Totality of Symptoms

The idea of this paragraph is that the removal of the totality of the symptoms is actually the removal of the cause. Once the symptoms disappear with a simillimum, the disease ceases to exist….

Organon $ 17. Now, as in the cure effected by the removal of the whole of the perceptible signs and symptoms of the disease the internal alternation of the vital force to which the disease is due-consequently the whole of the disease-is at the same time remove, it follows that the physician has only to remove the whole of the symptom in order, at the same time, to abrogate and annihilate the internal change, that is to say, the morbid derangement of the vital force-consequently the totality of the disease, the disease itself. But when the disease is annihilated the health is restored, and this is the highest, the sole aim of the physician who knows the true object of his mission, which consist not in learned-sounding prating but in giving aid to the sick.

The idea of this paragraph is that the removal of the totality of the symptoms is actually the removal of the cause. It may not be known that causes are continued into effects (i, e., that causes continue in ultimates), but it is true that all ultimates to a great extent contain the cause of he beginnings. And since cause continues into ultimates and things in ultimates shadow forth cause, the removal of all the symptoms will lead any rational man to assume that the cause has been removed.

This will lead you to see that if a large member of symptoms manifest themselves through a diseased ovary, and that ovary is removed, the cause of the symptoms has not been removed and will manifest through some other part of the body, perhaps the other ovary or some organ that is weak.

It is a serious matter to remove any organ through which disease is manifested. When there are two or more of these pathological conditions established upon the body and one is removed the other immediately becomes worse. For instance, if there is a structural change in the knee joint and the surgeon removes the knee, while there is a corresponding structural change in the kidneys or liver which he cannot remove, the latter immediately becomes worse and breaks down as soon as the knee joint is removed.

In the same way we find in a tuberculous condition of the lungs that it may remain in a very quiet state so long as a fistula in ano keeps on discharging but the allopath comes along and closes that vent and immediately there is a cropping out of the disease by infiltration of the lungs and the patient comes to an early death. The results of diseases are necessary in many instances. Sometimes these results are tuberculous condition, which are the ultimate outcome or effects from cause, and contain at times the seeds of beginnings of a similar kind.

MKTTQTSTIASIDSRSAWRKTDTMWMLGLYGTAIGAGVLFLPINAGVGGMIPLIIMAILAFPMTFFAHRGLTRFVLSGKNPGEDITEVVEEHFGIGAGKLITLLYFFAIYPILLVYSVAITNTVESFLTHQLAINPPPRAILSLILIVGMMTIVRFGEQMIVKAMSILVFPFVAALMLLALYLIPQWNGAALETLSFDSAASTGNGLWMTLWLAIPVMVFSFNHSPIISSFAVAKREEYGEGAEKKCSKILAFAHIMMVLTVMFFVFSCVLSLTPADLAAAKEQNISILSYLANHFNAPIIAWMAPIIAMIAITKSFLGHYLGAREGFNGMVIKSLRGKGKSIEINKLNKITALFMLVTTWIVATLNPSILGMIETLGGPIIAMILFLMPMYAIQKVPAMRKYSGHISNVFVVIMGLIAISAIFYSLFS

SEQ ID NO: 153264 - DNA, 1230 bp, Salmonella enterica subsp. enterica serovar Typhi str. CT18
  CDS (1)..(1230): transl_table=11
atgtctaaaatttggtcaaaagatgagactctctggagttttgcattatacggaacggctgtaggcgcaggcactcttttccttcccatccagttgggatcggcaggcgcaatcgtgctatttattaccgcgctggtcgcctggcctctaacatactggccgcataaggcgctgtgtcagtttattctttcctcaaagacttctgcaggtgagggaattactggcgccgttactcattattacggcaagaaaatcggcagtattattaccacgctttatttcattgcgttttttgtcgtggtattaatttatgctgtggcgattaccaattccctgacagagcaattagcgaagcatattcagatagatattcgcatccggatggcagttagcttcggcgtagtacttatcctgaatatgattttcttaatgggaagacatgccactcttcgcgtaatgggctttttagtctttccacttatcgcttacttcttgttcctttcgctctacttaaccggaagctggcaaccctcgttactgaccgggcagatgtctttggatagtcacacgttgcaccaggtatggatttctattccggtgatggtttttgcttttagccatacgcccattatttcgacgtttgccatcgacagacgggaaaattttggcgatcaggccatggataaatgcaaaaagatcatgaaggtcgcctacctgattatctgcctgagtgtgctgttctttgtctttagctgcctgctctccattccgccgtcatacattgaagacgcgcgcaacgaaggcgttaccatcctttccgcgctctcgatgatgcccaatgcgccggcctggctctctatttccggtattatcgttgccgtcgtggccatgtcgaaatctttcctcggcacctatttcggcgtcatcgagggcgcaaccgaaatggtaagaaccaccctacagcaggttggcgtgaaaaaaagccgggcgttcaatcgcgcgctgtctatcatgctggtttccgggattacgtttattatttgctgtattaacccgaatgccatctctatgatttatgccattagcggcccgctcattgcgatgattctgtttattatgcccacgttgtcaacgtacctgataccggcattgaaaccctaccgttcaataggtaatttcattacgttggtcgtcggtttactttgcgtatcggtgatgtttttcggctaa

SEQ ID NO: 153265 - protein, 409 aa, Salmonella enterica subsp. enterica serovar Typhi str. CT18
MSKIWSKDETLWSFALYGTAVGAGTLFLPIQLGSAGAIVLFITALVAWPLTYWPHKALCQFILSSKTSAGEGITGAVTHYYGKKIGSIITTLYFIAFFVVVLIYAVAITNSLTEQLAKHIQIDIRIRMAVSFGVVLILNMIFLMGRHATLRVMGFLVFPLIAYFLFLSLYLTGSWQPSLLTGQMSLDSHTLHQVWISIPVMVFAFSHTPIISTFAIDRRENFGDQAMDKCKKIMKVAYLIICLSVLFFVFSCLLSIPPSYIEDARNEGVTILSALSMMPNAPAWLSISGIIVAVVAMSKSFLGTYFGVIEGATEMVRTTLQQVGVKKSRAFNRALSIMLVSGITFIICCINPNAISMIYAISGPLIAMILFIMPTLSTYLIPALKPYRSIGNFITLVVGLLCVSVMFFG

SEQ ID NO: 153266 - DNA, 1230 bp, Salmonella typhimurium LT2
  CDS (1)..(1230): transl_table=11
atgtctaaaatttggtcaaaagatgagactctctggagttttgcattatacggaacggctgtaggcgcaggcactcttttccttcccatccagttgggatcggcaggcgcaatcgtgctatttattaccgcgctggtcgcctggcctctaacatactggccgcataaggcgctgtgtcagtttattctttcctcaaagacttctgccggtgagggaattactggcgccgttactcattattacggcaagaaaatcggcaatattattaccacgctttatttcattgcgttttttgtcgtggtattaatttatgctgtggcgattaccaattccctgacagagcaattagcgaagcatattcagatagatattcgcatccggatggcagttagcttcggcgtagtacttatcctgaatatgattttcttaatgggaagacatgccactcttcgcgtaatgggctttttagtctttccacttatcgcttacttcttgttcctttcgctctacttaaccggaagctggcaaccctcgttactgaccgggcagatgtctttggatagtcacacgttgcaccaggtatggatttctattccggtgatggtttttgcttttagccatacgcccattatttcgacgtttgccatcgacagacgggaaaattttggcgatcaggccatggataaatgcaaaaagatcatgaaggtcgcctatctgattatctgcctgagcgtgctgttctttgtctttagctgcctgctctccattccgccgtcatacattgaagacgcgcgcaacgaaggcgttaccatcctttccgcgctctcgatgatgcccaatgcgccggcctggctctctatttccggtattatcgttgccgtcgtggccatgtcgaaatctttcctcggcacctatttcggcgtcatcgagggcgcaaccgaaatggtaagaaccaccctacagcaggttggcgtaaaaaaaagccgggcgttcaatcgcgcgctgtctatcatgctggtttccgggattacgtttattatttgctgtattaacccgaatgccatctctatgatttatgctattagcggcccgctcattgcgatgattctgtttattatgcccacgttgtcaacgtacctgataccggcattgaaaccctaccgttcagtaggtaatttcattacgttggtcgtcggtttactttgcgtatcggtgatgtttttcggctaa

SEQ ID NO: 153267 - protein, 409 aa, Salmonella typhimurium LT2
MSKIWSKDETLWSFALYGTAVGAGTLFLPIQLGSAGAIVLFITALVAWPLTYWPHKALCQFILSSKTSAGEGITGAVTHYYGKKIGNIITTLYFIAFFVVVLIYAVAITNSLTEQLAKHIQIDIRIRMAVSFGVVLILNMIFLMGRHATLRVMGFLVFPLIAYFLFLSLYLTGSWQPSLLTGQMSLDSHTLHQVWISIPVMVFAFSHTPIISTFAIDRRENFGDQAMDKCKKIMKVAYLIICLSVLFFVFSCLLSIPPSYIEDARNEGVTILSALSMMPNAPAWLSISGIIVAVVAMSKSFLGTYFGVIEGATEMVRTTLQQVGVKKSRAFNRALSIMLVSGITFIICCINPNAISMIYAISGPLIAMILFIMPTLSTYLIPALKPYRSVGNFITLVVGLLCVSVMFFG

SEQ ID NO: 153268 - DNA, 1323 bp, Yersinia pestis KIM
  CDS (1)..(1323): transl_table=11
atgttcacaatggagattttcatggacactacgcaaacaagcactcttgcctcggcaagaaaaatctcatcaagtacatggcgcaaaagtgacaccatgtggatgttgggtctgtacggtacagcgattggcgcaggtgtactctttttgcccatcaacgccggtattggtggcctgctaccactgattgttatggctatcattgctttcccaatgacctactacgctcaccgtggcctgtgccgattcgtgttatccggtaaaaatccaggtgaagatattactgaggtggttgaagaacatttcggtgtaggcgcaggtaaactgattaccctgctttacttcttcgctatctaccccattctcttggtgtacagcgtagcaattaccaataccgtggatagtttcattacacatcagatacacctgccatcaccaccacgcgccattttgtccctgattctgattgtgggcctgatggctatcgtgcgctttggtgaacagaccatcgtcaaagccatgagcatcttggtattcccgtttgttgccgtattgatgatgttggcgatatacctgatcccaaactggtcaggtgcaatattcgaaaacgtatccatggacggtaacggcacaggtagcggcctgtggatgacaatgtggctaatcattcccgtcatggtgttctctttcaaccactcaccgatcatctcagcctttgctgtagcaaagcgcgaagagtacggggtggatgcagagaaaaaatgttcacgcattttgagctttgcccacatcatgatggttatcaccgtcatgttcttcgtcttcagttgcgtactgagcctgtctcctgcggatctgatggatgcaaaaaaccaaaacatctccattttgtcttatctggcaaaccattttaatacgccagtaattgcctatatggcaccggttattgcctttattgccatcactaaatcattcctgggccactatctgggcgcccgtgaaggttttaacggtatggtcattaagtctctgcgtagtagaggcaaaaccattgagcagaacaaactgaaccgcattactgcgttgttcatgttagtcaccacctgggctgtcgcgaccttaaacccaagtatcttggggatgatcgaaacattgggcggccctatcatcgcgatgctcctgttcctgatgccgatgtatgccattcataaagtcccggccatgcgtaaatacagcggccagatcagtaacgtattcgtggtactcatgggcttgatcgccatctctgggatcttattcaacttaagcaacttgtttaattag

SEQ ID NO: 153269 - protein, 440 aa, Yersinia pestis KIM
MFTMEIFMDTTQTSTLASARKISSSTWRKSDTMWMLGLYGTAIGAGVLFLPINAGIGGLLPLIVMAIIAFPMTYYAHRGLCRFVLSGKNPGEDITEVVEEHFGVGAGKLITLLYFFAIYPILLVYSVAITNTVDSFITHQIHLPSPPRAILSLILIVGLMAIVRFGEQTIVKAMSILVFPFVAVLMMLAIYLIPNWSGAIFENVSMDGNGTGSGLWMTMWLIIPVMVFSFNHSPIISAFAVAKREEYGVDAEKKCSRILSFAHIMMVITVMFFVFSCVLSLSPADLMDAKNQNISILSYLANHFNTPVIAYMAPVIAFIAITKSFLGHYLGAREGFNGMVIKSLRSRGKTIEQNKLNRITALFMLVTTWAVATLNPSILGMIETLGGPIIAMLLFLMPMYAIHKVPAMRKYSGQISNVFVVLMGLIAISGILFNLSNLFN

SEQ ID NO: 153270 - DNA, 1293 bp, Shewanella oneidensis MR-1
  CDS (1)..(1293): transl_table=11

They are not themselves beginnings, yet they contain causes. Unless causes are removed from beginning to end the disease can reproduce itself. This includes the first proposition of Hahnemann which means permanent removal of the totality of the symptoms, thus removing the cause and turning disorder into order and as a consequence the results of disease and removed. The totality cannot be removed without removing the cause.

“But when the disease is annihilated the health is restored; and this is the highest, the sole aim of the physician who knows the true object of his mission, which consists not in learned- soundings prating but in giving aid to the sick.” Hahnemann gives this warning note against discoursing dogmatically upon the flimsy theories of man. It was the custom in Hahnemann’s time for men to clock their ignorance in technicalities; that is, to use technicalities for the purposes of appearing worse.

It is done at the present day, I have heard physicians talk to simple- minded people in technicalities. Wise people seldom use technicalities. There is nothing in this world to be could the understanding as to deal in technicalities, they are cramped and often meaningless. The doctrines of Homoeopathy should not be clouded in technicalities, but should be considered and talked out in the simplest forms of speech. When talking of the Organon and its doctrines talk good English, if you are English, and use simple forms of speech. One technical word will sometimes mean whole sentence, and can be constituted to mean a good many different things. Technicalities are a sort of scapegoat to carry of the sins of our ignorance.

The totality of the symptoms: means a good deal. It is a wonderfully broad thing. It may be considered to be all that is essential of the disease. It is all that is visible and represents the disease in the natural world to the eye, the touch and external understanding of man. It is all that enables the physician to individualize between diseases and between remedies; the entire representation of a disease is the totality of the symptoms and the entire representation of a drug is the totality of the symptoms.

James Tyler Kent
James Tyler Kent (1849–1916) was an American physician. Prior to his involvement with homeopathy, Kent had practiced conventional medicine in St. Louis, Missouri. He discovered and "converted" to homeopathy as a result of his wife's recovery from a serious ailment using homeopathic methods.
In 1881, Kent accepted a position as professor of anatomy at the Homeopathic College of Missouri, an institution with which he remained affiliated until 1888. In 1890, Kent moved to Pennsylvania to take a position as Dean of Professors at the Post-Graduate Homeopathic Medical School of Philadelphia. In 1897 Kent published his magnum opus, Repertory of the Homœopathic Materia Medica. Kent moved to Chicago in 1903, where he taught at Hahnemann Medical College.